‘There to help people on what might be the worst day of their life’
Bec has been with CHC for just over five years, having previously worked as a lifeguard and in a voluntary role with the fire and rescue service that she continues to fulfil today.
“Many people in our profession come from a lifeguard or emergency services background,” she says. “As in my previous roles, job satisfaction comes from that feeling that you’re making a difference in the world on that day.
“You’re there to help people on what might be the worst day of their life, and you’ve been able to do just that.”
Bec has worked on various contracts during her time with CHC, and her mission experiences include one job when she was dropped into the sea to help rescue two people on a stricken vessel.
The boat was too small to enable the SAR crew to winch directly to it, so Bec swam through the waves to get the two men into the water and away from the boat so they could be winched to safety directly from the sea.
“It wasn’t an everyday task but it’s the sort of situation you have to be ready to deal with,” she says.
Bec believes there’s a great structure in place at CHC for people to join SAR or EMS operations and develop their career. “It’s set up to take civilians with no aviation background on board and grow their rescue crewman skills, then to keep building their knowledge and capabilities.”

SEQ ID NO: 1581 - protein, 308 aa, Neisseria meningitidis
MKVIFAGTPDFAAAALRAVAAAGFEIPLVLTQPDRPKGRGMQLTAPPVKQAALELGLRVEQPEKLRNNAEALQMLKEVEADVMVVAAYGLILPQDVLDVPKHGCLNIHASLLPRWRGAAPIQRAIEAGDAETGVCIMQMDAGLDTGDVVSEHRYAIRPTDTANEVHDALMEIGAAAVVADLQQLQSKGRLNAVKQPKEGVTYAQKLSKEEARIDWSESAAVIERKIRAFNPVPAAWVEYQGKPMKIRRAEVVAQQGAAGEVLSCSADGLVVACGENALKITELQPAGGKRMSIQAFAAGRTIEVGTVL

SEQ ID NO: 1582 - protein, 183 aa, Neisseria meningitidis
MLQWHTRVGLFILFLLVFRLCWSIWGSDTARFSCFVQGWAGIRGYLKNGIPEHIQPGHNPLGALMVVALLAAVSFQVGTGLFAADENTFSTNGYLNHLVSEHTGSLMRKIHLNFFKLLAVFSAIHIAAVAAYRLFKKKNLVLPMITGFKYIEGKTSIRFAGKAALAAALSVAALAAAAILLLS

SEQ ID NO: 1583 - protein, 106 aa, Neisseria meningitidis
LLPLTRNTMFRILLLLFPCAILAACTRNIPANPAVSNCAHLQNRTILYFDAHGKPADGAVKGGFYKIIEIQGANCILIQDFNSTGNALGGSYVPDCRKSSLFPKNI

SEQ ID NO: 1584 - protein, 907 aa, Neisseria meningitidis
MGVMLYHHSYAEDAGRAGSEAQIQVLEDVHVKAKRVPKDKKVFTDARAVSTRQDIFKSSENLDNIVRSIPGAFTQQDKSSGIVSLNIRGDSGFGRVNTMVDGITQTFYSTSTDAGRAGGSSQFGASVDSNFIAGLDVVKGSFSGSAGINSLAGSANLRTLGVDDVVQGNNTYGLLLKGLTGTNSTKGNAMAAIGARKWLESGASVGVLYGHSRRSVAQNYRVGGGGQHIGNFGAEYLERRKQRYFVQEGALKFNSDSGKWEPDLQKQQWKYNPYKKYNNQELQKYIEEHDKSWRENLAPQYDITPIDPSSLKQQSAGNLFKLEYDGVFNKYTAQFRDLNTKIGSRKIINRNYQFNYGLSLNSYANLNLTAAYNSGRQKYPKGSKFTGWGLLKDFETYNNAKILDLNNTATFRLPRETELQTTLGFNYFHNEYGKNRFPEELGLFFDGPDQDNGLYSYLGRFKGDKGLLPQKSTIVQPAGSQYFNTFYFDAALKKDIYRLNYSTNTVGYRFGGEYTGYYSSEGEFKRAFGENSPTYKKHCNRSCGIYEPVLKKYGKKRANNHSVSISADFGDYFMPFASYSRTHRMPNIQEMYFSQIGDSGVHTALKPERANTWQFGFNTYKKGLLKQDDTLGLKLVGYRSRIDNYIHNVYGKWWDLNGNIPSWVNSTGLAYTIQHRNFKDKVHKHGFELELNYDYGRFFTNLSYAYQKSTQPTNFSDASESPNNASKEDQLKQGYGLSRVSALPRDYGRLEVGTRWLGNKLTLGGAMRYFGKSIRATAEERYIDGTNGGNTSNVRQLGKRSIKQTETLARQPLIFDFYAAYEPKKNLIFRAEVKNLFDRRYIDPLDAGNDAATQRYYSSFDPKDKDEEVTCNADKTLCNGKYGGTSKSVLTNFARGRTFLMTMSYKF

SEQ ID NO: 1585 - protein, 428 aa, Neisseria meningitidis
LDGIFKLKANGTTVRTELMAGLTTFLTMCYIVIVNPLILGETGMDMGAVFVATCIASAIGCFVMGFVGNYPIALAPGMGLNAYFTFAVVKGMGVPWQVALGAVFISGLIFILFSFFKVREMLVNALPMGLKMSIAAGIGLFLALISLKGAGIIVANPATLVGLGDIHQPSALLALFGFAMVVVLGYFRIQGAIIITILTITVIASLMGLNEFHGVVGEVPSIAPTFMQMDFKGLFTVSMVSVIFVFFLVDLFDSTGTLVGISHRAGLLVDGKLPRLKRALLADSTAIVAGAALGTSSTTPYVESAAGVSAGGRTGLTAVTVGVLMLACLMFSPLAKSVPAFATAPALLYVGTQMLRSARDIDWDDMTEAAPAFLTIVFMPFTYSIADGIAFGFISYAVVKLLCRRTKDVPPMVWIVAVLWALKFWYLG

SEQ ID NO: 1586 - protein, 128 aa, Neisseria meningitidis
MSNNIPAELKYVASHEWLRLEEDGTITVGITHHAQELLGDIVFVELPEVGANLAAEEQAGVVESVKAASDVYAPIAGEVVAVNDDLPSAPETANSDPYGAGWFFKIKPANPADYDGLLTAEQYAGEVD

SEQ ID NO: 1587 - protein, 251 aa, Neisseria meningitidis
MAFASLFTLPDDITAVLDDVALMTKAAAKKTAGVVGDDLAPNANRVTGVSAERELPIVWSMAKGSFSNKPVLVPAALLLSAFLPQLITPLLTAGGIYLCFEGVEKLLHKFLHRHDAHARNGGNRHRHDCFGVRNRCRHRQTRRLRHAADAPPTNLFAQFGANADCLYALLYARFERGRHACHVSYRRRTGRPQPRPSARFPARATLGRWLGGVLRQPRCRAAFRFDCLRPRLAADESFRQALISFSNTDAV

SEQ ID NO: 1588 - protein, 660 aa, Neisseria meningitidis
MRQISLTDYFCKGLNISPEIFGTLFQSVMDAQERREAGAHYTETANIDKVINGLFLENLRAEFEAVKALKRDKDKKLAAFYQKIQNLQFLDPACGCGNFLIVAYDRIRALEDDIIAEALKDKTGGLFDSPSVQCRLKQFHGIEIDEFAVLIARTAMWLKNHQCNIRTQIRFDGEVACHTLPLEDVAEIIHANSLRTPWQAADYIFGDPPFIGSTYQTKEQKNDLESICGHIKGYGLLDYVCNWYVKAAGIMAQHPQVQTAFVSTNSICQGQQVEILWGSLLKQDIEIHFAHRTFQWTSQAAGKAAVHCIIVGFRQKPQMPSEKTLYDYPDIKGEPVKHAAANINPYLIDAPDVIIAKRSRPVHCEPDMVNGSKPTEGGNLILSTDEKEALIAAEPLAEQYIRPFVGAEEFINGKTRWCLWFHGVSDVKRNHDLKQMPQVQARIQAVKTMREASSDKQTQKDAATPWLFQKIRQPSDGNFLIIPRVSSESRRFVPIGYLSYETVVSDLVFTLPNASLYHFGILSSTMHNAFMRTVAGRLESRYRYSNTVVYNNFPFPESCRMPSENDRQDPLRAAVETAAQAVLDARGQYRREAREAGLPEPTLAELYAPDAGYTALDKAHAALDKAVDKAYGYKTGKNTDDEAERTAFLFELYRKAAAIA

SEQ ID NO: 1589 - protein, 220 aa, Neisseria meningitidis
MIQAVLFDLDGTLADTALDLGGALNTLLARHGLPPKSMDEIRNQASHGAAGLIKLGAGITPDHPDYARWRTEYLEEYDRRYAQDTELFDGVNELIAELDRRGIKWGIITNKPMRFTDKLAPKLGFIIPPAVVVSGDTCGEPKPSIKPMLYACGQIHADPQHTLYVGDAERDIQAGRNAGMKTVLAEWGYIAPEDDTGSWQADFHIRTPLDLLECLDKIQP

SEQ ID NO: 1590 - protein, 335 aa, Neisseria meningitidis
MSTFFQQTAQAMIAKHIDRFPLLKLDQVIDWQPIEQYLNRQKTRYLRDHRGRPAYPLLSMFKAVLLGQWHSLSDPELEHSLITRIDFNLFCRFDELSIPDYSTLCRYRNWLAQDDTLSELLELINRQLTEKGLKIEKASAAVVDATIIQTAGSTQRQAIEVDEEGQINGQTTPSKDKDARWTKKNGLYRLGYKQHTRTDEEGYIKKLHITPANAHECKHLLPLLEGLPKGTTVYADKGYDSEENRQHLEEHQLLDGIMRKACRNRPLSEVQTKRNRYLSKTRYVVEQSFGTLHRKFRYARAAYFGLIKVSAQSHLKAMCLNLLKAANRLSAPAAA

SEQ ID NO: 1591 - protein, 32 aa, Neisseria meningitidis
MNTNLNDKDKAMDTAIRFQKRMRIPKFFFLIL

Bec’s long-term ambition is to join CHC’s operations that support the Department of Fire and Emergency Services in Australia – therefore aligning her professional and voluntary roles.
‘Real appreciation… of the impact and contribution we can make’
Lyndal joined just over a year ago in a career move that combined her previous role in emergency services and pre-hospital care in the mining industry with her personal interest in aviation.
“I’m always looking to learn as much as I can from colleagues at our base,” she says. “I feel grateful and privileged to be in a role where I can bring two of my interests together, and hope one day to reach the position of air crewman working on an EMS contract.”
CHC’s resources at Pearce – and indeed other bases – can sometimes be called upon by other authorities to take part in multi-agency jobs, and a recent task to help search for a missing fisherman gave Lyndal one of her first tastes of the front-line work.
“It gave me a real appreciation of the skills that rescue crewmen need to develop over time, and of the impact and contribution we can make,” she adds.
The fact that the personal development dimension of the role involves both mental and physical challenges is a big motivator for Lyndal. And she takes inspiration from the professional journey that many of her colleagues of today have already made.
“The crews are made up of a great bunch of people, very down-to-earth and from all walks of life,” says Lyndal. “Hearing of their task experiences and learning from their knowledge and skills has been really invaluable to me.
“I hope to have the opportunity to work in the aero-medical space in due course, which would be really rewarding for me, but I know I need to put in the hard yards meantime and prove myself.”